The duo followed Sorin to the mooring dock outside, where he continued to ignore them until they showed him Wyatt's pendant. Even after learning that they were defending Wyatt, he remained uncooperative when asked about the case, saying they would have better luck asking the police. The subject of time travel sparked his interest, however. According to Sorin, Wyatt's pendant was not itself a time machine, but only a part of it, the body of the machine being the Time Keeper. He claimed that real time travelers did exist, but that Phoenix would not understand what he meant by that. When Phoenix asked Sorin what he thought of his family opposing the marriage, their conversation was interruped by a man with a monocle and a mechanical device on his shoulder, who had been looking for Sorin. He introduced himself as the Sprocket family butler, Pierce Nichody, and invited Phoenix and Fey to Sprocket Manor.
In the Sprocket Manor foyer, Fey accidentally broke a vintage radio, which Nichody quickly repaired with his shoulder mech. He explained that the machine was the "FXR-UPR", one of Sorin's inventions. In addition to being the family butler, Nichody was Sprocket Aviation's repair department director. About the crime, Nichody said he had been one of the witnesses who had found Wyatt standing in front of the body with the murder weapon in her hands, and he had been the one who called the police. Nichody agreed with the prosecution's view that Wyatt had killed Gloomsbury in self-defense, and did not take her story about time travel seriously.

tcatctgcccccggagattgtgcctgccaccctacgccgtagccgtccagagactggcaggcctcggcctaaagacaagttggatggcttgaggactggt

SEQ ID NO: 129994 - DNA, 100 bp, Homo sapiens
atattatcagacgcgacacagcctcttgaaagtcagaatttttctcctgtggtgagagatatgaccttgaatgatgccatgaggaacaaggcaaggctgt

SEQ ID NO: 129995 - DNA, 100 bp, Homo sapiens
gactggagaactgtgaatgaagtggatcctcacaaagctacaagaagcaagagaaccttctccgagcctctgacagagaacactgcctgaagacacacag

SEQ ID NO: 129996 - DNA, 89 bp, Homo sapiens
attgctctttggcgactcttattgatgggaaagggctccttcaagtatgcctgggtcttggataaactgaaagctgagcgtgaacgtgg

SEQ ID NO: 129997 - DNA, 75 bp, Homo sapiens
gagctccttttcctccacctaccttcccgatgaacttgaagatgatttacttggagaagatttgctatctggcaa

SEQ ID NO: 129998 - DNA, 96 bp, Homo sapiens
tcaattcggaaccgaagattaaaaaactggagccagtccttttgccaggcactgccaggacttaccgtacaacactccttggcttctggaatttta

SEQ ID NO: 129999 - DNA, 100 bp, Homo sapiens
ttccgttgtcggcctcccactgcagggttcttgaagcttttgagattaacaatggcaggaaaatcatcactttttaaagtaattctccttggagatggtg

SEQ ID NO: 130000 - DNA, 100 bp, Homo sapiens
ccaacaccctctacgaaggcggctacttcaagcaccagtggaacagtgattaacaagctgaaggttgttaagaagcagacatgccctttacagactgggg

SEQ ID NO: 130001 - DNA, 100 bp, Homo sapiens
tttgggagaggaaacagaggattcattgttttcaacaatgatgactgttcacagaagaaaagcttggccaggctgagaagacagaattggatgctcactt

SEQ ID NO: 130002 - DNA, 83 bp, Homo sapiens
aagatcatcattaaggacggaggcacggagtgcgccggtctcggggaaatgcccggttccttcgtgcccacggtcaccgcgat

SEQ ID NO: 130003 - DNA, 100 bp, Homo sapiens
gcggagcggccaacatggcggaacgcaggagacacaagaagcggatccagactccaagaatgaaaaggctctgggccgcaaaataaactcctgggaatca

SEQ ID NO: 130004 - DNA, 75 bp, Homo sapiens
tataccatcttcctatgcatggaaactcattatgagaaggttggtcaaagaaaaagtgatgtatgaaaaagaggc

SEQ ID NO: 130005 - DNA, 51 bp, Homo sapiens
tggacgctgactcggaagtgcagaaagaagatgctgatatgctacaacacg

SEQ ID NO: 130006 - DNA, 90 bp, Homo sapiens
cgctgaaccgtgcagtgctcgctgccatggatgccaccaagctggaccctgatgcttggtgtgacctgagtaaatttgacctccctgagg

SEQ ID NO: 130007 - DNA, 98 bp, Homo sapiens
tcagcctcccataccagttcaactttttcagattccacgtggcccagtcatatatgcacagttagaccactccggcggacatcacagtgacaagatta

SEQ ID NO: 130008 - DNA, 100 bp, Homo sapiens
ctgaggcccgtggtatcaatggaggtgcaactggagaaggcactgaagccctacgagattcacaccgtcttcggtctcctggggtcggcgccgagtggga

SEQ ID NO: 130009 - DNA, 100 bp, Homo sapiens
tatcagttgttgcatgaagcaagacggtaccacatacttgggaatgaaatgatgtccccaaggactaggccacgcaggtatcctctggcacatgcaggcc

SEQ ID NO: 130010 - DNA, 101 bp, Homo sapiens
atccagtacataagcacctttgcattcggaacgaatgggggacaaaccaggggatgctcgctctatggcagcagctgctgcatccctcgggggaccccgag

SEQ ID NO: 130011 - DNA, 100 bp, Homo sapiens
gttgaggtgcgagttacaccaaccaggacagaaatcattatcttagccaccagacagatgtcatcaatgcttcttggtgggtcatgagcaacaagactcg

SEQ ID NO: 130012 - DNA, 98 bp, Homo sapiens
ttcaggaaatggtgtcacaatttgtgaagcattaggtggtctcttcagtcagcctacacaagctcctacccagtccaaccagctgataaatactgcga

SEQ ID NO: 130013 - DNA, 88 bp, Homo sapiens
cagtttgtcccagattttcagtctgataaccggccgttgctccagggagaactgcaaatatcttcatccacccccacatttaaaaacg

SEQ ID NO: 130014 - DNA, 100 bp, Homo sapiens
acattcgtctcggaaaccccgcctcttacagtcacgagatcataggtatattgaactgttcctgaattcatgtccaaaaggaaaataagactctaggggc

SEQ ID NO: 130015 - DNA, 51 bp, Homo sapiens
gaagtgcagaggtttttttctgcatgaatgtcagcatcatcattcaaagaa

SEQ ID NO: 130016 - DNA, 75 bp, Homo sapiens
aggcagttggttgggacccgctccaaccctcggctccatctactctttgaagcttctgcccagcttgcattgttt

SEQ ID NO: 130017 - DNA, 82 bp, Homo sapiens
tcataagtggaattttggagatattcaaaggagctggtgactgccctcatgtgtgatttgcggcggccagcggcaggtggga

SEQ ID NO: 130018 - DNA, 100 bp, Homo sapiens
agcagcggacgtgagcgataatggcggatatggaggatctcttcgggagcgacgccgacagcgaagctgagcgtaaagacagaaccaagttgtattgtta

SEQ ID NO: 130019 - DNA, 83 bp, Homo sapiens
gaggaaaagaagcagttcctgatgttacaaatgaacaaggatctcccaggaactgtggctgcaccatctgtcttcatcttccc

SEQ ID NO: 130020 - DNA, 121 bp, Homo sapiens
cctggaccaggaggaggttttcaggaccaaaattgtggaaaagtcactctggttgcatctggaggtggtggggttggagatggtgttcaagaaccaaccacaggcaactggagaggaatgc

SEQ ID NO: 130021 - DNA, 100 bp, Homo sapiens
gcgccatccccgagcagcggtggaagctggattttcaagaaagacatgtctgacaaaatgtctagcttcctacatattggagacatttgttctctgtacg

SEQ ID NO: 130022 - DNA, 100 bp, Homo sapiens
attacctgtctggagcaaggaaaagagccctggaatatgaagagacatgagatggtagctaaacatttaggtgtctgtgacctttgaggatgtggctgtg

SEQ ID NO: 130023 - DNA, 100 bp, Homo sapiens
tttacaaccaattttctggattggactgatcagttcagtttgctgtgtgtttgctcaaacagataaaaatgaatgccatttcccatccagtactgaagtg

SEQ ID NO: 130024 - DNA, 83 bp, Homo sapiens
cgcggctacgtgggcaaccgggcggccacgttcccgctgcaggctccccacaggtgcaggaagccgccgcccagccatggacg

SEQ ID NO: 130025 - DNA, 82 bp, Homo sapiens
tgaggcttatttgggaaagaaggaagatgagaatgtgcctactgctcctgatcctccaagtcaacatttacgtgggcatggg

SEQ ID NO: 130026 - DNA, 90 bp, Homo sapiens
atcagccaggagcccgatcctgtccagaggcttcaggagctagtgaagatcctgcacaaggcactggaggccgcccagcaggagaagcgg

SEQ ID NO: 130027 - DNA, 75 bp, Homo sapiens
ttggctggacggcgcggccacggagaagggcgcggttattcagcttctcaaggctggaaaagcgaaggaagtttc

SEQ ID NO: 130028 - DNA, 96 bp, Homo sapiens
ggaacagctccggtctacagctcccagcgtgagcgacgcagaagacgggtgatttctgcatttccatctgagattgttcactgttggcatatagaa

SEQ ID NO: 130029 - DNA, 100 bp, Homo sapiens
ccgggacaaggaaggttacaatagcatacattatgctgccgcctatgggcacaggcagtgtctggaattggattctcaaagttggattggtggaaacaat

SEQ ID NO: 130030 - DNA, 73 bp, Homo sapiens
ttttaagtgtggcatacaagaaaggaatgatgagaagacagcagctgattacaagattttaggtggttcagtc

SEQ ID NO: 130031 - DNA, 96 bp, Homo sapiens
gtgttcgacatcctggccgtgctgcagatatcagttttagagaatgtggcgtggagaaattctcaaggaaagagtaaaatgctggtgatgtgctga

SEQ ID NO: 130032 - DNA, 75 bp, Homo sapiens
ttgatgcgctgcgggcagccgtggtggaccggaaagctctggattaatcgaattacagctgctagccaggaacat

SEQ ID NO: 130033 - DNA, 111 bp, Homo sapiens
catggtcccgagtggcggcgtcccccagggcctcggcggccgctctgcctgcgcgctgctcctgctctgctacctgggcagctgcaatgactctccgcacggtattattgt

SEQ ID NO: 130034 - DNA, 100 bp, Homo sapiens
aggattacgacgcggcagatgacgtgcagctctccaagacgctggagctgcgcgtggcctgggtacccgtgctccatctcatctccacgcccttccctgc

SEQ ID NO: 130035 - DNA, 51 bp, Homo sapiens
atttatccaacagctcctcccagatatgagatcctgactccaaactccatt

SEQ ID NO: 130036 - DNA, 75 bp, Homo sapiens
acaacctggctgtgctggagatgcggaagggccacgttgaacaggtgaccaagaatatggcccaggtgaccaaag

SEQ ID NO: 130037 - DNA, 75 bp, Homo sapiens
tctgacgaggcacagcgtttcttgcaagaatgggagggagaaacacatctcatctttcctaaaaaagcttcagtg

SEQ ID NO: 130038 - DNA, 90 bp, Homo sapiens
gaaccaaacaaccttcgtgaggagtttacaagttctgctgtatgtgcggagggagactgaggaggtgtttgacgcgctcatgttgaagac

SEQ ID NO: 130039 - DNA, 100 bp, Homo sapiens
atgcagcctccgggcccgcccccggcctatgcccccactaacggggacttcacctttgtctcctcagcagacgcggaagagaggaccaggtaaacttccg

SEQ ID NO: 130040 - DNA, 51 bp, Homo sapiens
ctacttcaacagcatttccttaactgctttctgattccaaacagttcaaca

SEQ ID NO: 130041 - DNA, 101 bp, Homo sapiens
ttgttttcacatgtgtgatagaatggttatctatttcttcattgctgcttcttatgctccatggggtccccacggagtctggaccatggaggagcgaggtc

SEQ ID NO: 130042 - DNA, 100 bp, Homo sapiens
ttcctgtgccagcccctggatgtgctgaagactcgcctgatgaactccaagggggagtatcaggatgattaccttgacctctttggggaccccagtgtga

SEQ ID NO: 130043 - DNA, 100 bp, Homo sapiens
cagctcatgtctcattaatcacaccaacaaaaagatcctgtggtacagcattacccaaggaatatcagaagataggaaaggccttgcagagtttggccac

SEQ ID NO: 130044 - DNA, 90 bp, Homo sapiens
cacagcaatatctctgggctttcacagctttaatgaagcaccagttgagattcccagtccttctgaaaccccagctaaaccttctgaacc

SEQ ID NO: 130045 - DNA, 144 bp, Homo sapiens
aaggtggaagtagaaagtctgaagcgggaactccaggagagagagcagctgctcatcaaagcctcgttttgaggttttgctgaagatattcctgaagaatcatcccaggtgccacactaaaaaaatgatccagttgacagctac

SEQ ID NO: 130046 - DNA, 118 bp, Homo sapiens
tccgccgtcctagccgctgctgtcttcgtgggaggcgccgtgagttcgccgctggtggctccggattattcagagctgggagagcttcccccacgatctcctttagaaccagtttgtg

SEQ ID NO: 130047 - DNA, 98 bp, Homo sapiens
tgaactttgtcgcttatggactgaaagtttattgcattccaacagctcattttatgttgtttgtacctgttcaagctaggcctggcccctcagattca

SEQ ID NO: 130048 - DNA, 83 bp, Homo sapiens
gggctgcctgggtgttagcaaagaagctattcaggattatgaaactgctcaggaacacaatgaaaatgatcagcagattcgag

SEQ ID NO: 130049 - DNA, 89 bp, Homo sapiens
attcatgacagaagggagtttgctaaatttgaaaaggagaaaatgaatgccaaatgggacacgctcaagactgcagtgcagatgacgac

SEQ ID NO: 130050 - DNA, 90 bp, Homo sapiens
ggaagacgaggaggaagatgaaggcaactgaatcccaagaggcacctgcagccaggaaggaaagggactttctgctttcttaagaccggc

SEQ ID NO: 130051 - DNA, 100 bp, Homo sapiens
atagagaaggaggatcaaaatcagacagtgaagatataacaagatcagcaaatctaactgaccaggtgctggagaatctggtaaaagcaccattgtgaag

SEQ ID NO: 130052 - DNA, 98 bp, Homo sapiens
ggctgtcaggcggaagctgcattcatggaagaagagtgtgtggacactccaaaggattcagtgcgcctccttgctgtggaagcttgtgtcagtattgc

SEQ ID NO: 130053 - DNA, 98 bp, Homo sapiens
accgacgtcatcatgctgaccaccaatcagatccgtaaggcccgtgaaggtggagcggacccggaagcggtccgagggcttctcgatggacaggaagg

Searching the foyer, Phoenix found a key card for the Flying Chapel, which turned out to belong to Wyatt. Although she had not had a chance to return there since the night of the incident, one of the people at the manor informed Phoenix that a man in a "gaudy jacket" had come by earlier. They also found photos one of the guests had taken of the wedding reception. In one of them, the fog generated by the machines in the reception hall could be seen covering the floor. Nichody was also visible in the photo, standing behind the table at the back of the hall. Lastly, Phoenix and Fey found a framed photograph of a woman who they learned was Sorin's older sister, Selena.
When Phoenix asked him about Selena Sprocket, Nichody said she had been next in line to inherit Sprocket Aviation until her death in a car accident. Sorin had also been in the car at the time; devastated by the loss of his beloved sister, he had abandoned the company business and begun researching time travel in an attempt to bring her back, as well as compulsively writing in his notebook. Nichody believed that Sorin was stuck in the past.
Butz then came into the foyer, saying he was there to promote his new picture book character with Sprocket Aviation. Phoenix took the chance to ask him whether he had been in the Flying Chapel on the night of the murder, but Butz ignored the question and ran away.
An incredible sightEdit
After chasing Butz all the way to the mooring dock, Phoenix questioned him again, causing three Psyche-Locks to appear. Butz continued to deny having any involvement with the case, but Phoenix pointed out that he would not have been involved with Wyatt in the first place if he had nothing to do with the case. Furthermore, the wallet found in the reception hall proved Butz had been there the previous night.
Butz's Psyche-Locks were broken, and he admitted to being in the Flying Chapel. He had met Wyatt and fallen in love with her when he delivered the welcome sign for the wedding, so he had later tried to attend the reception. Unable to get in, he had spent some time wandering around the airship – presumably dropping his wallet around this time – and claimed to have seen something incredible from one of the cabin windows: a pterodactyl flying outside. Butz believed this to be proof that the airship had traveled through time. Upon mentioning this to Nichody, he had been told to never mention it to anyone again. Butz also gave Phoenix a picture of the hold he had taken before the reception; in it, Wyatt could be seen helping with the preparations. Having concluded their investigation, Phoenix and Fey decided to head to the detention center to see Wyatt again.